Current Law Journal Content
Washington & Lee Law School
  Current Law Journal Content
                  an index to legal periodicals

  Australian Intellectual Property Journal   (Australia)
  Volume 19, Number 2, May 2008
  homepage                   other issues
        p.71                                                                                        +cite    

  • International Domain Name Law ICANN and the UDRP
        David Lindsay
        p.72                                                                                        +cite        

  • Australia's first moral rights decision: A critical approach to Meskenas v ACP Publishing
        Elizabeth Adeney
        p.74                                                                                        +cite        
        Australia's first moral rights case was decided in the Federal Magistrates Court in 2006. The judgment was concerned with issues of attribution and false attribution of authorship. Although the decision is an interesting one, and one that is encouraging to artists, the reasoning in the judgment is open to question. This article discusses this reasoning and suggests the ways in which the moral rights provisions contained in the Copyright Act 1968 (Cth) may have been misunderstood. In particular it emphasises the importance of distinguishing between the UK right against false attribution and its Australian namesake.
  • Copyright in primary legal materials in common law jurisdictions
        Noel Cox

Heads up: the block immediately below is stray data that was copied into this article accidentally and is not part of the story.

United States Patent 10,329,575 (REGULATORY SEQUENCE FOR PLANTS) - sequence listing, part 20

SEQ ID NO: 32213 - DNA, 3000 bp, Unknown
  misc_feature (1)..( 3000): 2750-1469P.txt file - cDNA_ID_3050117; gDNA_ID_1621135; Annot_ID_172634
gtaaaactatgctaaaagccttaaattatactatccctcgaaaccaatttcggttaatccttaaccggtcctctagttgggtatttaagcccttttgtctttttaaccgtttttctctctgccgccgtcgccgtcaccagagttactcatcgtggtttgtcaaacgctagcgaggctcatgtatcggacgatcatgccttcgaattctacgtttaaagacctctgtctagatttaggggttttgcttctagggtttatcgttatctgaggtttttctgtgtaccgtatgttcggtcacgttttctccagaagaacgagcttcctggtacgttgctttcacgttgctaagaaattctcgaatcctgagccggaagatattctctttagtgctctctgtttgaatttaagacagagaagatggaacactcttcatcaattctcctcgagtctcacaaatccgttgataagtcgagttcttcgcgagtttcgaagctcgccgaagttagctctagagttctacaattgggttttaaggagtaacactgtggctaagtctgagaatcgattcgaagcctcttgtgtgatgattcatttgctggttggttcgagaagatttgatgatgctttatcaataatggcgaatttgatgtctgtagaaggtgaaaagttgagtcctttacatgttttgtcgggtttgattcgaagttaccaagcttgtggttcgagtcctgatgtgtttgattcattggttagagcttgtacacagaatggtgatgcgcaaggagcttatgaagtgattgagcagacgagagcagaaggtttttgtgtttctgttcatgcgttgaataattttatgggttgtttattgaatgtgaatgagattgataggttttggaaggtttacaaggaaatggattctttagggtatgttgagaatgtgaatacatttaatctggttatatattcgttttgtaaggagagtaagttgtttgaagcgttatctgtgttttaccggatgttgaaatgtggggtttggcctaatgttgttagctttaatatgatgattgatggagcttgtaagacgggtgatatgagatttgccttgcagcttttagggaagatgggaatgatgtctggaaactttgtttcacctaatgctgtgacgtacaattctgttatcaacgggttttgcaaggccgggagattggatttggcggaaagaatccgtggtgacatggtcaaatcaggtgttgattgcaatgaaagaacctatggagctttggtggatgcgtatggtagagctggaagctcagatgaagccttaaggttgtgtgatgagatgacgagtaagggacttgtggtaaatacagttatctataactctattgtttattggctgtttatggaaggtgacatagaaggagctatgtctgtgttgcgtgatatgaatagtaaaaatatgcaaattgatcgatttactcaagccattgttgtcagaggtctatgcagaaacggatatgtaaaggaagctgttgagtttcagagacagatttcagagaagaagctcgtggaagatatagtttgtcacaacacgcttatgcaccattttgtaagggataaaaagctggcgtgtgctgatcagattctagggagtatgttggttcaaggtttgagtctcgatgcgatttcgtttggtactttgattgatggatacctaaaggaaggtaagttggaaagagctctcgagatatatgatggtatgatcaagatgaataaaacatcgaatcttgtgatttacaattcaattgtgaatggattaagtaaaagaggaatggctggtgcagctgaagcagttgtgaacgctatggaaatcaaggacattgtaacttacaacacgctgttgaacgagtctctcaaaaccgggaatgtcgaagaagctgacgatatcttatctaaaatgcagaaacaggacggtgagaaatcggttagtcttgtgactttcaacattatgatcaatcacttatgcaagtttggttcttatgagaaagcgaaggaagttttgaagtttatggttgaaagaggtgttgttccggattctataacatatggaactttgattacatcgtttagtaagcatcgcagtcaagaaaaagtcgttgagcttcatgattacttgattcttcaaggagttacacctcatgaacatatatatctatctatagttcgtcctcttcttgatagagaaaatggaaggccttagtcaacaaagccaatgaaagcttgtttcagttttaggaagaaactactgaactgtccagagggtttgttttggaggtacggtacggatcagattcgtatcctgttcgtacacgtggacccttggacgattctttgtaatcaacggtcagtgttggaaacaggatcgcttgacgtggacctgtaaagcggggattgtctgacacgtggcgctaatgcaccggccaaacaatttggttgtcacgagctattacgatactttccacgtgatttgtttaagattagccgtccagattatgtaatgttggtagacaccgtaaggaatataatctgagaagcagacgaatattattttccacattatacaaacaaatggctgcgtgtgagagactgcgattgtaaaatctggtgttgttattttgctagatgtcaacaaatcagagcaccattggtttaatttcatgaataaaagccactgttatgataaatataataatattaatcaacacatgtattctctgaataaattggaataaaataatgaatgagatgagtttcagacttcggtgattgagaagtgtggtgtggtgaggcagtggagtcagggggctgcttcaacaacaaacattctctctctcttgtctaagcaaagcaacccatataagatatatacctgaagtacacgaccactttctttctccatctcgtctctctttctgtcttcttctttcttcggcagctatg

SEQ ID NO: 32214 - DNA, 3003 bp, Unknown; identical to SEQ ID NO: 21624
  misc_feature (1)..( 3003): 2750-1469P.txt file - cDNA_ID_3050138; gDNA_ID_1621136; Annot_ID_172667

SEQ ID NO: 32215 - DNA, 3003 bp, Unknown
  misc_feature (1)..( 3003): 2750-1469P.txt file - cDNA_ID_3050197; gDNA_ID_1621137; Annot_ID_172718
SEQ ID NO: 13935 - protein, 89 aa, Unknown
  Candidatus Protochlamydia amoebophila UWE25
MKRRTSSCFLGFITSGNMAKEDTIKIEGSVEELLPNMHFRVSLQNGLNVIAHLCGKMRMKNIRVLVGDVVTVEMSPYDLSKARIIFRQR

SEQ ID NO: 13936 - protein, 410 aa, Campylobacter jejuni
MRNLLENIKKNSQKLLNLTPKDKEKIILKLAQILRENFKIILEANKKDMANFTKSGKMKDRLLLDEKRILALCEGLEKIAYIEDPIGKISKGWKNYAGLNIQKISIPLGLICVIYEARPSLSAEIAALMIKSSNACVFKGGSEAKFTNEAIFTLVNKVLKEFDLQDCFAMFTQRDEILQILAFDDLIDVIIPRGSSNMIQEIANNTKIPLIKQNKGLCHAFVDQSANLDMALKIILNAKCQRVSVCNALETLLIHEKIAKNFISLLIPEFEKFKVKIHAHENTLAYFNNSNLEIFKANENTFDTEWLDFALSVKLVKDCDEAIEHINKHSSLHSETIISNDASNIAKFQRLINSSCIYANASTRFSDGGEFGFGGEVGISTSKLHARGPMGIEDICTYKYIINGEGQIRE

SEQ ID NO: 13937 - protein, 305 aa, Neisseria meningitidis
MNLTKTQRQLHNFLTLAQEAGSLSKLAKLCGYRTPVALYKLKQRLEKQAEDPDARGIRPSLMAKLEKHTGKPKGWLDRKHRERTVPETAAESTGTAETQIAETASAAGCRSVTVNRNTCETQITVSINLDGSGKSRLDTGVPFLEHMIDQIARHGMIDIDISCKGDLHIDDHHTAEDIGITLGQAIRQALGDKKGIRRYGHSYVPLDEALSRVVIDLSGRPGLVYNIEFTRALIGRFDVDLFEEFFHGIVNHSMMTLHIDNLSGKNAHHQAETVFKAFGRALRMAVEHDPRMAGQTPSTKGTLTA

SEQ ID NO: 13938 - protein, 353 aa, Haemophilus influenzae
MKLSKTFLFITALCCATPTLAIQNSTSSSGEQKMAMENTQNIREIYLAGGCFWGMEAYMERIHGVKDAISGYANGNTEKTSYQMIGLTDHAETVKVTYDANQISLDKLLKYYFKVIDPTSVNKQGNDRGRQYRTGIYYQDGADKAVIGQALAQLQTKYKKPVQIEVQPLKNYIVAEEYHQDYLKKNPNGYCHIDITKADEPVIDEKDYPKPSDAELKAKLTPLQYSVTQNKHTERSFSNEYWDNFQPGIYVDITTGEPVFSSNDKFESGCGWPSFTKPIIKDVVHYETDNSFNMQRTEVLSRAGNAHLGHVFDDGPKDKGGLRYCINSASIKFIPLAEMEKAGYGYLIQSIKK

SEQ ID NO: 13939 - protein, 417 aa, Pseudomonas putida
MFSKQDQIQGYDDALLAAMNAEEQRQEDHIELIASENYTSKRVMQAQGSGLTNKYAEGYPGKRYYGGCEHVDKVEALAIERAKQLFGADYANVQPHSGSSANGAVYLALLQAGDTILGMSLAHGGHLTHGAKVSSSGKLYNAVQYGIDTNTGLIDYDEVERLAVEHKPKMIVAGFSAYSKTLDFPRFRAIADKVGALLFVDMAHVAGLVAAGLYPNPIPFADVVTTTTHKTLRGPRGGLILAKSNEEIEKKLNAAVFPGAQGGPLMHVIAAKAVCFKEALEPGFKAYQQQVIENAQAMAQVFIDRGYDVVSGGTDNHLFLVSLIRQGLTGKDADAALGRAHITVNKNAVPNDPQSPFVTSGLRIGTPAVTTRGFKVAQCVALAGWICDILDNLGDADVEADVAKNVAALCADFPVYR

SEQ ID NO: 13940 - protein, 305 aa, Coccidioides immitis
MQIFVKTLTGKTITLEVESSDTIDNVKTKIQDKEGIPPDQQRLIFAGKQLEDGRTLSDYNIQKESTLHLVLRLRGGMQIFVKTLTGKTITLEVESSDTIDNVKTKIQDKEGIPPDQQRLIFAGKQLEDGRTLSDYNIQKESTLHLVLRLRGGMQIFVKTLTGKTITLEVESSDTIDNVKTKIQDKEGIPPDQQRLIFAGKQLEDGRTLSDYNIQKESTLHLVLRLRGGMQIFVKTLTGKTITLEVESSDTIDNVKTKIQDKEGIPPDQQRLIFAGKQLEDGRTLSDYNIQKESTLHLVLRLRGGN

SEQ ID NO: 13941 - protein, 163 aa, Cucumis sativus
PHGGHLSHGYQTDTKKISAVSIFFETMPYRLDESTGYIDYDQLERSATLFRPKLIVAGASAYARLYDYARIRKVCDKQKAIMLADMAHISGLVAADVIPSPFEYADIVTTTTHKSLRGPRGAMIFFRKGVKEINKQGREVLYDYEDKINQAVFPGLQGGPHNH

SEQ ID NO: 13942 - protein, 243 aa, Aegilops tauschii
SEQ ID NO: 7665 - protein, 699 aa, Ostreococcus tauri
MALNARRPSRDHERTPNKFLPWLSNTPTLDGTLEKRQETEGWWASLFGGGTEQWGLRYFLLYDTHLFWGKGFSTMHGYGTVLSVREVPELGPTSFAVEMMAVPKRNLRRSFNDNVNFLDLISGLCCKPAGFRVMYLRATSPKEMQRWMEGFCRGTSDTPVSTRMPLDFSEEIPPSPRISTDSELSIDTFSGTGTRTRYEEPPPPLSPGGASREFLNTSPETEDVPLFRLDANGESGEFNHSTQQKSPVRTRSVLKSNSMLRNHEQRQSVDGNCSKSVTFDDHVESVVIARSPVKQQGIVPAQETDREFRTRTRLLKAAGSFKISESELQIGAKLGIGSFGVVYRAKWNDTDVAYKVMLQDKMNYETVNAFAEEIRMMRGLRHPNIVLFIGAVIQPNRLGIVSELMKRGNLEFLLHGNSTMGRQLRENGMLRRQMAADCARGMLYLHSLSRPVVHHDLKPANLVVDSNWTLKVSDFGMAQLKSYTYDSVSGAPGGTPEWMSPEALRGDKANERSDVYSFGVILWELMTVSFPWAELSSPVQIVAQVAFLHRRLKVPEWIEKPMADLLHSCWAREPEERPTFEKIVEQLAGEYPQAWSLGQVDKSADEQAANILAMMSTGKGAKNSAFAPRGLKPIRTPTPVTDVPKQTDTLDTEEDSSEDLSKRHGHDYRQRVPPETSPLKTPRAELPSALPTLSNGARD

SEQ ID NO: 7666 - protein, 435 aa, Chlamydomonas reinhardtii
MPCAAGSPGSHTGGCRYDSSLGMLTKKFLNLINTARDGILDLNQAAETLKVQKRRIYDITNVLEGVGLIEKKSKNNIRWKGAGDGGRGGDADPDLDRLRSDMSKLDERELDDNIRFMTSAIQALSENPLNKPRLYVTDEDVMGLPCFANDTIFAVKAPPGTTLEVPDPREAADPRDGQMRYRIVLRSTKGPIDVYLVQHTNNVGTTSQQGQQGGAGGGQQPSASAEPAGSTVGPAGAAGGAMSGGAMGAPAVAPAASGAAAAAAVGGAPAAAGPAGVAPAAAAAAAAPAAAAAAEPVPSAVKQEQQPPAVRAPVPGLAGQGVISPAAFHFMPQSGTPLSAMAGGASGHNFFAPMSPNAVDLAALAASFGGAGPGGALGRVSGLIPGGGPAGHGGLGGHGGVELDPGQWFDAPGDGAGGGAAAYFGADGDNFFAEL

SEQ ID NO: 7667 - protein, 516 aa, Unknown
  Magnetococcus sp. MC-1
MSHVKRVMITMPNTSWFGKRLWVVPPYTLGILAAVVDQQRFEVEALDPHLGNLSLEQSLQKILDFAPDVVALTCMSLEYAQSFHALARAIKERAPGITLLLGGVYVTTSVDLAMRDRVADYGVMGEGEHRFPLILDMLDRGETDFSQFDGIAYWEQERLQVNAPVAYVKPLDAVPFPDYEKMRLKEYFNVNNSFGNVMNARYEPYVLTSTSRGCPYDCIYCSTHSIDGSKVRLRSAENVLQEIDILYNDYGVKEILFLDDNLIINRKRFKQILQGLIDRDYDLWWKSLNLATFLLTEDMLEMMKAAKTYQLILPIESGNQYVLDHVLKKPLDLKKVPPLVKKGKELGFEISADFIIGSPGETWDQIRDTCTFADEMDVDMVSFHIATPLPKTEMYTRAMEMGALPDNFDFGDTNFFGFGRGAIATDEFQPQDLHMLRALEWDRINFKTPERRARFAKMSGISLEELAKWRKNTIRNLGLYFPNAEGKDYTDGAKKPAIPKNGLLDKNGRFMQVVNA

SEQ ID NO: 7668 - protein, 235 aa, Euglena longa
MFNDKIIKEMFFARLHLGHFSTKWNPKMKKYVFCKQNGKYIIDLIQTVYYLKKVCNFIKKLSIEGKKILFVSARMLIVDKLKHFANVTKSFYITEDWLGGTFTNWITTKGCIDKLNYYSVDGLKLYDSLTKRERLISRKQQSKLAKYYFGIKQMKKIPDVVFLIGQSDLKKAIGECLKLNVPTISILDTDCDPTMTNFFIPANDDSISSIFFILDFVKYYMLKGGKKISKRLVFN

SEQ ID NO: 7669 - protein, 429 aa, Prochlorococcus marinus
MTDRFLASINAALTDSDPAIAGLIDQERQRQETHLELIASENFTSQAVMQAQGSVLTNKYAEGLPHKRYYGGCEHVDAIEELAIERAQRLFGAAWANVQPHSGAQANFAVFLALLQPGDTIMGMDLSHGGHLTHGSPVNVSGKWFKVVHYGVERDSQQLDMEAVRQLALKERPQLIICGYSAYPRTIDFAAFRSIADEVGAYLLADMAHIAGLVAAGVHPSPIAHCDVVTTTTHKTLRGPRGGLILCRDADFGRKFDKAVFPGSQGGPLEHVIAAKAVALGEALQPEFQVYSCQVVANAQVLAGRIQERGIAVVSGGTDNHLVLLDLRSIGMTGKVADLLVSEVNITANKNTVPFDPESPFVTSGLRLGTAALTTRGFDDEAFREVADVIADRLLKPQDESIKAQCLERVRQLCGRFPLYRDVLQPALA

p.89                                                                                        +cite        
        This article examines the underlying policy considerations regarding the ownership of copyright in statutes, regulations, and also law reports. It compares and contrasts the positions in New Zealand, Australia, Canada, the United Kingdom, and the United States. It looks particularly at the implications of electronic publication, and the role of private publishers. In essence, it asks whether the strict legal principle that the Crown (or in the American system, the State) owns the copyright in statutes and judicial decisions is less important than the principle of encouraging public access to the law.
  • Are Australian patentees sufficiently motivated?
        Thomas Haines
        p.106                                                                                      +cite        
        The senior courts of Australia have provided significant judicial clarification concerning the operation of the internal requirements of s 40 of the Patents Act 1990 (Cth) over the past six years. Section 40 represents a synthesis of requirements aimed at ensuring that Australian patent specifications meet the requisite standard for the grant of patent. In considering the implications of these decisions from the viewpoint of their functional interrelationship, the author contends that the requirements dictated by s 40 have been significantly weakened. Based on the appropriate statutory construction of the relevant provisions gleaned from these judicial authorities, a filing strategy is proposed that may avoid the need to disclose the best method of an invention until such time as the patent applicant wishes to commence infringement proceedings.